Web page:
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Brand trends for 2003

By Mandy de Waal and Janice Spark

What will brands do in the future based on how they’ve behaved today and in the past? Mandy de Waal and Janice Spark, look at brand trends for the coming year and beyond.

The business of branding will remain big business in 2003. Marketers will deepen their understanding of brands and appreciate the importance of building brand equity. Companies will learn more about building brands and building market share, as well as the relationship between brand relevance and customer loyalty. These are the other trends that will shape the way marketers create, manage and protect brands in the coming year.

1. Branding endures despite an embattled economy

Economists predict that a depressed climate will endure both globally, and locally, for at least the next six to twelve months. Marketers will respond by shaving their budgets, rather than slashing them. Clients will seek the best return on investment and demand more innovative solutions from their marketing partners to help them weather an embattled economy. Branding will remain a mainstay, as marketers realise the power of building brands and their value in
surviving tough economic climates.

2. A shift in strategic focus from brand awareness to brand resonance

Traditionally brand strategies have largely dealt with competitive differentiation together with the benefits and emotions associated with brands. In 2003, environmental and social issues will bring increasing pressures on brands. Alongside this, consumers will become more sophisticated, self-reliant and smarter. What this means for branding is a strategic shift that will see the
brands of tomorrow becoming more reflective of company’s attributes and its relationship with its customers. The shift of power will increasingly move from marketers to customers as consumers become more demanding and sceptical. In consumer-driven markets over-promise and under-delivery will be a brand’s death.

3. Brand experience is everywhere and everything

Building brand-driven customer touch points within the organisation will be the biggest challenge that companies face. This will be particularly true of banking and financial companies that will struggle to maintain the integrity of their brand, and deliver on its promise at call centres, service points, and through diverse channels including interactive and cellular channels. Customers will interact with brands everywhere and those companies that marry their brand
promise with its actual delivery will rise to lead market share.

4. Brand extensions will drop off, while marketers will realise the value of
old-fashioned service

In a frenetic market, marketers will learn that less is more and that the road to increasing market share is paved with good, old-fashioned service. In recent years brands have increasingly engaged in extensions to increase market share. The coming years will show that there is power in a narrower focus as brands return to the basics and companies learn that growth is often achieved through the simplest of things – brilliant service.

5. Brand relevance will extend through the supply chain.

In the past consumers were prepared to take brands at face value. In recent times consumers have made decisions beyond the brand, to the suppliers and contexts that affect it. This trend will deepen. Consumers will want to know who makes Nike footwear and under what conditions. They will be concerned with the brands of the clothing suppliers to Edgars and Mr Price stores, as well as the labour issues surrounding the creation of these clothes. As social issues increasingly affect South Africa, the relevance of brands will become increasingly important for consumers.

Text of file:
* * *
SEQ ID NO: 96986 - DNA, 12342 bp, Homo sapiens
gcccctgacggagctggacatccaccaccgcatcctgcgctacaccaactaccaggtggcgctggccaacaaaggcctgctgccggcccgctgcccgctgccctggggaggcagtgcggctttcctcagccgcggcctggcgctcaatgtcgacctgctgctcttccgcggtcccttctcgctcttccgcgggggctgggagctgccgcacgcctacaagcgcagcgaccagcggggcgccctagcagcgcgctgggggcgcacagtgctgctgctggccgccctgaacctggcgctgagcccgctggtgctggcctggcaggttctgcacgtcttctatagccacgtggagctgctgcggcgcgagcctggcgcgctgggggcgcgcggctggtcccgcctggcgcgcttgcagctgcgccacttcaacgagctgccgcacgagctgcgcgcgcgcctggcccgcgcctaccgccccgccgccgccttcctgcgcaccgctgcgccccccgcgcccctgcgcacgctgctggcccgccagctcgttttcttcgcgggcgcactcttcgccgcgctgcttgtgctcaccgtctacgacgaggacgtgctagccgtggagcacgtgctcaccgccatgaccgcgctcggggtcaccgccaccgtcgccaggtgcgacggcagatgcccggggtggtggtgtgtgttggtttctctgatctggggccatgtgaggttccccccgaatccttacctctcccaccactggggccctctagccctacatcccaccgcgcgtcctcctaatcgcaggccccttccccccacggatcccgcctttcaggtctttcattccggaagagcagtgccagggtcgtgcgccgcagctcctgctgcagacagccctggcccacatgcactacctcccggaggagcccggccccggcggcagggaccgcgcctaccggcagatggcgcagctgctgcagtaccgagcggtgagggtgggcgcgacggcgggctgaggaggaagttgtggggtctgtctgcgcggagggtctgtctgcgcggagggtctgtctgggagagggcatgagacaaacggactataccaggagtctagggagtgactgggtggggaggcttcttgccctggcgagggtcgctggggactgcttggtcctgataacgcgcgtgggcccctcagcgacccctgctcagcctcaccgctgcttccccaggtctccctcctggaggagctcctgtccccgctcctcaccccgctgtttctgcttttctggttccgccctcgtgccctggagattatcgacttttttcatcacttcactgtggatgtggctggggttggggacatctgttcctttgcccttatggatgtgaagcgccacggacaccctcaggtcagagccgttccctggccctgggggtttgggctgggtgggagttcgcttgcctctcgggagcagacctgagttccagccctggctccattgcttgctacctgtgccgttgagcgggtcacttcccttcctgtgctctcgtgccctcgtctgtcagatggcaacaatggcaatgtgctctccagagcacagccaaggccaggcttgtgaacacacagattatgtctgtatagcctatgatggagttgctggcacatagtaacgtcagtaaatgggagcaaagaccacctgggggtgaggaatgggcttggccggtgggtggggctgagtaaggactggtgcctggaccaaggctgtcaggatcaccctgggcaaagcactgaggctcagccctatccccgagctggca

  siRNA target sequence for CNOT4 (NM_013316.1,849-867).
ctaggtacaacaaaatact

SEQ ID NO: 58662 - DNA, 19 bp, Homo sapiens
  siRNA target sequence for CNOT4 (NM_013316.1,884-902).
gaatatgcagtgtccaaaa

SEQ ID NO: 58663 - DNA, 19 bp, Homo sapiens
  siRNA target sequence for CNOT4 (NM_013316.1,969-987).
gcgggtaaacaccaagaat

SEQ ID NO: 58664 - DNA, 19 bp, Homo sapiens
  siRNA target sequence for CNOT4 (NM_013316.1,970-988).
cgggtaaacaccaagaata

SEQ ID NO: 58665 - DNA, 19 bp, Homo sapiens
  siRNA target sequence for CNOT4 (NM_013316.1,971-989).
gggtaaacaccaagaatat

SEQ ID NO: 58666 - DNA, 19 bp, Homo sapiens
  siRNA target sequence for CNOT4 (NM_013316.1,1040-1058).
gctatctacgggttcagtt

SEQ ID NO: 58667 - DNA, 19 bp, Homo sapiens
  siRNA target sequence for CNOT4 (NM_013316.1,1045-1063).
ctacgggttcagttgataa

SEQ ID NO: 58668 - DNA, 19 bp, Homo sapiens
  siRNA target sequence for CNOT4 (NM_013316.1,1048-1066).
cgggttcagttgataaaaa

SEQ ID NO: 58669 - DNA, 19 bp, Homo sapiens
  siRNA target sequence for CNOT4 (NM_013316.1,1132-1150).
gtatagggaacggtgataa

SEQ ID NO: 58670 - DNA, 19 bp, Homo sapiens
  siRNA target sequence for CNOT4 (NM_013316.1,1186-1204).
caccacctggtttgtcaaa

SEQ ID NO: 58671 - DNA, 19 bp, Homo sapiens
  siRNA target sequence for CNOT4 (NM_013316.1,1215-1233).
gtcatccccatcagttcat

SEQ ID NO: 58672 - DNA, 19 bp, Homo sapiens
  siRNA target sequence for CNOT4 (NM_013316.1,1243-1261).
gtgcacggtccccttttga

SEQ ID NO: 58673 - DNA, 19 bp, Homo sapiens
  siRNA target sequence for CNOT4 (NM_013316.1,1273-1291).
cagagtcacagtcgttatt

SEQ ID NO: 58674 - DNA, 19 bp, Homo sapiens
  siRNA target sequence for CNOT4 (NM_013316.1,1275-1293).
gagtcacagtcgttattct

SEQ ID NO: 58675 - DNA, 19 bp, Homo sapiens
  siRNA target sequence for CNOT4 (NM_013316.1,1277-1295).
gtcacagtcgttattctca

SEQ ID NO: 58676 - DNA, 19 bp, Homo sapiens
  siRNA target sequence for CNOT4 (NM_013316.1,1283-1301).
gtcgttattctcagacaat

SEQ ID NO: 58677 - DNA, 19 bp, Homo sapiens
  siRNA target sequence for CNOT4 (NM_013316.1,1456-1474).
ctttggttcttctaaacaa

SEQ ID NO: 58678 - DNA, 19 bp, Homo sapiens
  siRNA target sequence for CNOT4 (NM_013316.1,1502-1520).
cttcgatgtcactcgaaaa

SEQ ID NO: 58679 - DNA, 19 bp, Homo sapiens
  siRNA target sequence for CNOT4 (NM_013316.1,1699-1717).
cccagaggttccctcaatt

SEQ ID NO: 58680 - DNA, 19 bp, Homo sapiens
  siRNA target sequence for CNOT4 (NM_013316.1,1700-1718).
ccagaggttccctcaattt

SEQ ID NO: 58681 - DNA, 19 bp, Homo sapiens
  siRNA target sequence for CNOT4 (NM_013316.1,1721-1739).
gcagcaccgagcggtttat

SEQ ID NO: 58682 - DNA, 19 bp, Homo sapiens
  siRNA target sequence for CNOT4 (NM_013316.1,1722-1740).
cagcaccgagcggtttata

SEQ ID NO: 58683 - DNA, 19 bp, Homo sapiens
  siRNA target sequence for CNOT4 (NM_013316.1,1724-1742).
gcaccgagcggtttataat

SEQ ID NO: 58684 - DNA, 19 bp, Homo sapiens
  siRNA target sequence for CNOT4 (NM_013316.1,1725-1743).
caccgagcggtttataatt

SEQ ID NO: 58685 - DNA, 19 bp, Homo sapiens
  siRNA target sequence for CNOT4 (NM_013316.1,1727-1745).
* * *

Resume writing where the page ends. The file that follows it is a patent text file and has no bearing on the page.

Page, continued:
6. The brand black market will rise alongside brands

As brands create value, so too this value will be realised by racketeers wanting to make a quick buck. Counterfeit brand products will proliferate, but as they do an industry will emerge alongside it focused on protecting brands. These will range from high-technology tracking devices to marking technologies that verify the authenticity of products.

The best advice we could give marketers in 2003 is to under-promise, over-deliver and connect with customers whenever you can, wherever you can. While brand strength will discourage consumer switching, consumers will abandon products and services that don’t live up to their core promises. A case in point is the cellular market that has seen significant churn following a new brand entry off the back of complacent service levels and aggressive pricing.

Connecting with consumers will be a key thrust for 2003. Marketers should not limit their activities to the point of sale, but should realise that consumers experience brands everywhere and the promise of that experience must be reinforced through every interaction, through every channel and at every point the consumer meets the brand. As channels both converge and proliferate,safeguarding the integrity of the brand experience will become crucial.

Mandy de Waal and Janice Spark are the founders of Idea Engineers, a strategic marketing company that develops brands and businesses. They can be contacted on tel. +27 11 803-8111 or e-mail Mandy on mandyd@mweb.co.za

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The Big Change is a business strategy blog and newsletter published by Arthur Goldstuck, managing director of World Wide Worx, a leading technology research organisation based in Johannesburg, South Africa.

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